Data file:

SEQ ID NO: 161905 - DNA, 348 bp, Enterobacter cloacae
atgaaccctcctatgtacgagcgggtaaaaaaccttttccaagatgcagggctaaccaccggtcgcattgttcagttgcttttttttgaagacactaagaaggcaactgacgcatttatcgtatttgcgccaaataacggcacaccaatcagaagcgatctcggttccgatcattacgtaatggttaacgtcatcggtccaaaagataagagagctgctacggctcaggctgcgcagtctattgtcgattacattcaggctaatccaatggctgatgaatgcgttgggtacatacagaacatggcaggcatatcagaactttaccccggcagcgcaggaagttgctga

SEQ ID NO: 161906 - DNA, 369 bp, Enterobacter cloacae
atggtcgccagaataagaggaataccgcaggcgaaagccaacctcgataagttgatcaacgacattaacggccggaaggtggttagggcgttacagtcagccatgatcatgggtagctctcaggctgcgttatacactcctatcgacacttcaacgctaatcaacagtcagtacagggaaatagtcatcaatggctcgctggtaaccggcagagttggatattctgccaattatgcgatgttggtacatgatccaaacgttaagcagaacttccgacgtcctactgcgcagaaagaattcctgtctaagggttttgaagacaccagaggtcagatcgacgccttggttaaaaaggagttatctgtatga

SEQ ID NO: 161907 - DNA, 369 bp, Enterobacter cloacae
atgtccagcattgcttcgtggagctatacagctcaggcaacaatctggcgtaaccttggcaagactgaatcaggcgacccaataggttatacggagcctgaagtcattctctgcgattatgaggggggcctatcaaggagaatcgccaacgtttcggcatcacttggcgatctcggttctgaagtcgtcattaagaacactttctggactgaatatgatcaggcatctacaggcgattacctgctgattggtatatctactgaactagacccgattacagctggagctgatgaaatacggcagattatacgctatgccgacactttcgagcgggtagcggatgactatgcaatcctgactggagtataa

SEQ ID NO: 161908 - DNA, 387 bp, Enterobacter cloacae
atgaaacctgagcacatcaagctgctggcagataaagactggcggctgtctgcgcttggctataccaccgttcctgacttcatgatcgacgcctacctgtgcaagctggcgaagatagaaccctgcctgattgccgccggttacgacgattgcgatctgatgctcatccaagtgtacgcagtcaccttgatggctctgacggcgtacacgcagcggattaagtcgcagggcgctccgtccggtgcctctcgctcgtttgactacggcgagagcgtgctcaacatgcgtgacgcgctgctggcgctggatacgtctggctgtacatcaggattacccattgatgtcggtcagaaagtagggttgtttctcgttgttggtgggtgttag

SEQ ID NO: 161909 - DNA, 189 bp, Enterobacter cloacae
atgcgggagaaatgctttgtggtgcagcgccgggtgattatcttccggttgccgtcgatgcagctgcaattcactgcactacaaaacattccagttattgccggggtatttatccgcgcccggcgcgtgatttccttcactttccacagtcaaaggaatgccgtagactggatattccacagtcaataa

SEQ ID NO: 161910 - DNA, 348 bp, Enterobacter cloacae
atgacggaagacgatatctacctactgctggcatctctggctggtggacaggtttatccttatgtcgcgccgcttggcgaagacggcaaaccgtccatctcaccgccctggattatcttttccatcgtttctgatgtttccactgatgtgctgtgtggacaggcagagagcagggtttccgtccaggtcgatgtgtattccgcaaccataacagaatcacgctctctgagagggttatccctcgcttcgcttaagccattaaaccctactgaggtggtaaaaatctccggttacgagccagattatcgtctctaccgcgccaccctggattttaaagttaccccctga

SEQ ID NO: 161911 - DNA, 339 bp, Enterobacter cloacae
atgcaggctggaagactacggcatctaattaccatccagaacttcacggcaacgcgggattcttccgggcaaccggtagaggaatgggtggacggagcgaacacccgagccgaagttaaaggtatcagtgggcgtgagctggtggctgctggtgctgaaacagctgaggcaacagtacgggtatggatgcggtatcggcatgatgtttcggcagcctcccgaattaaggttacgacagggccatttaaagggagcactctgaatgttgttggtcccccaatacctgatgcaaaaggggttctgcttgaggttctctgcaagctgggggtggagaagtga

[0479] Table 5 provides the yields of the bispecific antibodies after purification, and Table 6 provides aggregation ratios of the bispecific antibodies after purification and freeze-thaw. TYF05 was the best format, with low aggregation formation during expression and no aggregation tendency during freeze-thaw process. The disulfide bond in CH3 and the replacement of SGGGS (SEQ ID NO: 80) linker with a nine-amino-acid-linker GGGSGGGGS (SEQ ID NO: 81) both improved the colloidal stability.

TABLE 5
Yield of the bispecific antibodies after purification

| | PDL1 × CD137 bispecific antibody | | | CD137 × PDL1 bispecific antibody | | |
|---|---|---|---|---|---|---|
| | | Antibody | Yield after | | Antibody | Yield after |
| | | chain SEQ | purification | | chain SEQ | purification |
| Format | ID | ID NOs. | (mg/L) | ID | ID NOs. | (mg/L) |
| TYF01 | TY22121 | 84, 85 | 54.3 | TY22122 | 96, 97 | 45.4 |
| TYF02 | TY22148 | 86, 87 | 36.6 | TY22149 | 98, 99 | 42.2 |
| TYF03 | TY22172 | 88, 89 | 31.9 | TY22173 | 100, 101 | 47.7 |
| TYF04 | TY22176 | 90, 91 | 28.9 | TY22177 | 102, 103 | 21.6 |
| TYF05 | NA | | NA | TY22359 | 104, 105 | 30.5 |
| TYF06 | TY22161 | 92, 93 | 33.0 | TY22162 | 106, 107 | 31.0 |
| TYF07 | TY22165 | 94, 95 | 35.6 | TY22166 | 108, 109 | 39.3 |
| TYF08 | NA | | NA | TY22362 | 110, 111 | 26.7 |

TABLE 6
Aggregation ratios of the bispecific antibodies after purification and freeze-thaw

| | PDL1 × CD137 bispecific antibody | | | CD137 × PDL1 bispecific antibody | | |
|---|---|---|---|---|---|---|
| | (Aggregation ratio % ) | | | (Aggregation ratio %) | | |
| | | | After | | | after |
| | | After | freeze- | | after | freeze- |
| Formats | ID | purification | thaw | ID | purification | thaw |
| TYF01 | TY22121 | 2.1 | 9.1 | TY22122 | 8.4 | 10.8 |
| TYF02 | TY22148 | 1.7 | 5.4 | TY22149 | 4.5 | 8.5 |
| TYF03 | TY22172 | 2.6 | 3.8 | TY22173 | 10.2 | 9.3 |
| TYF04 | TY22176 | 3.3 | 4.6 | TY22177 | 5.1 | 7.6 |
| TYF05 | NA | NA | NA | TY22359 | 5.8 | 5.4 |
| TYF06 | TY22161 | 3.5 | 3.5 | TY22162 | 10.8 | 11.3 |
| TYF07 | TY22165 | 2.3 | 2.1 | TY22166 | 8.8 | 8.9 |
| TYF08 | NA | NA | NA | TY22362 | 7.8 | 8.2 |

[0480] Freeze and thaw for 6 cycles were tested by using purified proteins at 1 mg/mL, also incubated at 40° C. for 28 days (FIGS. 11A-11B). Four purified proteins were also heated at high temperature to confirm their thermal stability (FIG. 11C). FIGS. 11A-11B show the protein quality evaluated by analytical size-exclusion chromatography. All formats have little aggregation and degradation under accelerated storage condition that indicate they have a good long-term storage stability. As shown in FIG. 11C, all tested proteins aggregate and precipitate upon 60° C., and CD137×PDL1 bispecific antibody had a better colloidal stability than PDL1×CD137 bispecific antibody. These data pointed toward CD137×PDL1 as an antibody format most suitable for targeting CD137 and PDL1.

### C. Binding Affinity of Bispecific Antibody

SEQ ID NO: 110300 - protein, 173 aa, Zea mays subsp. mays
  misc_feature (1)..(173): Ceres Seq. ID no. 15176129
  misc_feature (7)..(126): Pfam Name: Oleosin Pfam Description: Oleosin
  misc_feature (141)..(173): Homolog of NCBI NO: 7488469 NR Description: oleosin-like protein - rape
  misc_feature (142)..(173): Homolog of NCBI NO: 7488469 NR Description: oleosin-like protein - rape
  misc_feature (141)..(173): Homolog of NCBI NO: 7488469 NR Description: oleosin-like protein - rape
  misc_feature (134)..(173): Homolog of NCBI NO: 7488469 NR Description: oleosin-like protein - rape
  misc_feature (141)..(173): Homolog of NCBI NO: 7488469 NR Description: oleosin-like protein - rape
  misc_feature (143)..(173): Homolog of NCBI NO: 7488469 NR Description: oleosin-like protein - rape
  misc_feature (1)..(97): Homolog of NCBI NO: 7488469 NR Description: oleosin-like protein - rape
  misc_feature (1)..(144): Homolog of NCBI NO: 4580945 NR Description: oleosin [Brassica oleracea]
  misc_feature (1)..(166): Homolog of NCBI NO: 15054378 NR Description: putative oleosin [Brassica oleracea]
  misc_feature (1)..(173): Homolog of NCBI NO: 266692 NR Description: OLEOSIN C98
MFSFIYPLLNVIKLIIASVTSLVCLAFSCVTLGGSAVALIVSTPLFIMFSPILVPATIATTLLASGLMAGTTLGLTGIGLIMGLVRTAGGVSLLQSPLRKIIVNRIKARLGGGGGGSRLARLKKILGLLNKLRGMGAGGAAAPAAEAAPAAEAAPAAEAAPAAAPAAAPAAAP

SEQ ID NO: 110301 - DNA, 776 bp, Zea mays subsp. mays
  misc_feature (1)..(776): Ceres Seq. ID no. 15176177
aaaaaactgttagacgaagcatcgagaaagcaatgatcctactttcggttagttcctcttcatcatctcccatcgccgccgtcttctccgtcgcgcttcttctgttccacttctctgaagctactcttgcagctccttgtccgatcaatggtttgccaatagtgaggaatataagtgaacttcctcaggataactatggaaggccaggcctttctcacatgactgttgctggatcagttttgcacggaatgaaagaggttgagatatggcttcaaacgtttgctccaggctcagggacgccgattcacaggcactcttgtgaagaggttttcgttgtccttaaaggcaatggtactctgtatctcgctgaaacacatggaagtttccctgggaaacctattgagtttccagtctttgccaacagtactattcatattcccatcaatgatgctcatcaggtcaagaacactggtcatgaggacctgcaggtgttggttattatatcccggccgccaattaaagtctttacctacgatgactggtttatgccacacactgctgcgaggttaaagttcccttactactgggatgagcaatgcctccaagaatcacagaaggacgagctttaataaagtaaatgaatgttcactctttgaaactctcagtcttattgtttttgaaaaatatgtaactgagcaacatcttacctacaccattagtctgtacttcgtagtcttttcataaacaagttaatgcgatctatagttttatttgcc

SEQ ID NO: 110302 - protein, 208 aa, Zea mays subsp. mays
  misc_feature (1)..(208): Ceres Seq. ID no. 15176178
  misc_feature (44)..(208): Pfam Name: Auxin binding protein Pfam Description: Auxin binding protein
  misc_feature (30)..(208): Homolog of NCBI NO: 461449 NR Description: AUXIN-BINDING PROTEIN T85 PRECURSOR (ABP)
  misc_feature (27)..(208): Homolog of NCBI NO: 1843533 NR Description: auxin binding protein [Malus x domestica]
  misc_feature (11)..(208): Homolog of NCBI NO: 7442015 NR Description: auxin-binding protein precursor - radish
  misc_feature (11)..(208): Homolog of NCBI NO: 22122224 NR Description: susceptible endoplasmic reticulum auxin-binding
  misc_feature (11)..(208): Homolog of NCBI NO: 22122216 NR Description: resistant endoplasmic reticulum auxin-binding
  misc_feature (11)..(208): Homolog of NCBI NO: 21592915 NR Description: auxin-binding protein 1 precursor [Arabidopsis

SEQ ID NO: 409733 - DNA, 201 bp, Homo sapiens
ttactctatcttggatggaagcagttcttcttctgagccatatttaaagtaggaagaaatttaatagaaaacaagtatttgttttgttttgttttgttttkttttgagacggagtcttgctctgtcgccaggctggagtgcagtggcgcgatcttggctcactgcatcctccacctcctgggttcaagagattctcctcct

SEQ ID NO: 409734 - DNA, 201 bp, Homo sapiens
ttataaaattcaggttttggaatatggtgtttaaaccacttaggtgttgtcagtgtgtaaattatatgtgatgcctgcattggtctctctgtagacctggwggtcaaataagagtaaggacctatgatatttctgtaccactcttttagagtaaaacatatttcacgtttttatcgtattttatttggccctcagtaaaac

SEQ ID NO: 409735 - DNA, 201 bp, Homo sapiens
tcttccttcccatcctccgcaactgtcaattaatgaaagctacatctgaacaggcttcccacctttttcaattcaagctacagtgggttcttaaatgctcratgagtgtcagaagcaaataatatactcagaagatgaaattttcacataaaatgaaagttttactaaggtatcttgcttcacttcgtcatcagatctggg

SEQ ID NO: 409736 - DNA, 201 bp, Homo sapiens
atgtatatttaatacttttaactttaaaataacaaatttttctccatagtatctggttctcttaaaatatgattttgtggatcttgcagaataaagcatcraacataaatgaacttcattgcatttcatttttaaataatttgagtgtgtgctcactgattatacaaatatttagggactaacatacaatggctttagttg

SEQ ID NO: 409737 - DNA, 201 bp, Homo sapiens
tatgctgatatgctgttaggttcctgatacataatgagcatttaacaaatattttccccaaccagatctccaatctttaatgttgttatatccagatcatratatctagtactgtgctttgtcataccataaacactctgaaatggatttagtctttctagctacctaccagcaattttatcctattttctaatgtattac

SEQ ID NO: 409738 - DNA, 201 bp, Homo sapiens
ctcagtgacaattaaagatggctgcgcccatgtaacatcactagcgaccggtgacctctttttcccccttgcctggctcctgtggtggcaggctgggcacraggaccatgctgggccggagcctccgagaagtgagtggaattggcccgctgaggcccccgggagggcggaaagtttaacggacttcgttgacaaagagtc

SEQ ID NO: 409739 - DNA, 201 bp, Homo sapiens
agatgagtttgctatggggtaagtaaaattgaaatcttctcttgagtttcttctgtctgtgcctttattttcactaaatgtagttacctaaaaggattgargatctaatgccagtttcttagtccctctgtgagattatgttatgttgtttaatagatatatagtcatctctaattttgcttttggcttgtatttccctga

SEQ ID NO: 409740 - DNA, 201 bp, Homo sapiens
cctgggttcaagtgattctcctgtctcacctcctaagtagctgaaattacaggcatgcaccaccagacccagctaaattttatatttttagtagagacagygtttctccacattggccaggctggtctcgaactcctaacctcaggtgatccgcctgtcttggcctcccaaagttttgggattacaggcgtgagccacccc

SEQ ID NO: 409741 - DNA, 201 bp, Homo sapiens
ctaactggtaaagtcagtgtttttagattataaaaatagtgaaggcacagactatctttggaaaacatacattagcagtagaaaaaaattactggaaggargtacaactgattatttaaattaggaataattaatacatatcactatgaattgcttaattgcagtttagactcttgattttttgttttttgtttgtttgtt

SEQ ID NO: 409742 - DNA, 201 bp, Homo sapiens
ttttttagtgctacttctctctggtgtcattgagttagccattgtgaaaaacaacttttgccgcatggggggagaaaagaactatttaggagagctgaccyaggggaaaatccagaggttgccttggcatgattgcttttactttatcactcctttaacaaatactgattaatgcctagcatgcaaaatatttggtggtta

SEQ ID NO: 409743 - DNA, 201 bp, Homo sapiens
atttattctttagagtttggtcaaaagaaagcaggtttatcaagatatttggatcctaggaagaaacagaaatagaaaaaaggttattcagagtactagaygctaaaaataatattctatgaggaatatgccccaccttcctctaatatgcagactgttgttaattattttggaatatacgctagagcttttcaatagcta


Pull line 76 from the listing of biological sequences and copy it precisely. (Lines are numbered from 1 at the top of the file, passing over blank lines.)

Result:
ttactctatcttggatggaagcagttcttcttctgagccatatttaaagtaggaagaaatttaatagaaaacaagtatttgttttgttttgttttgttttkttttgagacggagtcttgctctgtcgccaggctggagtgcagtggcgcgatcttggctcactgcatcctccacctcctgggttcaagagattctcctcct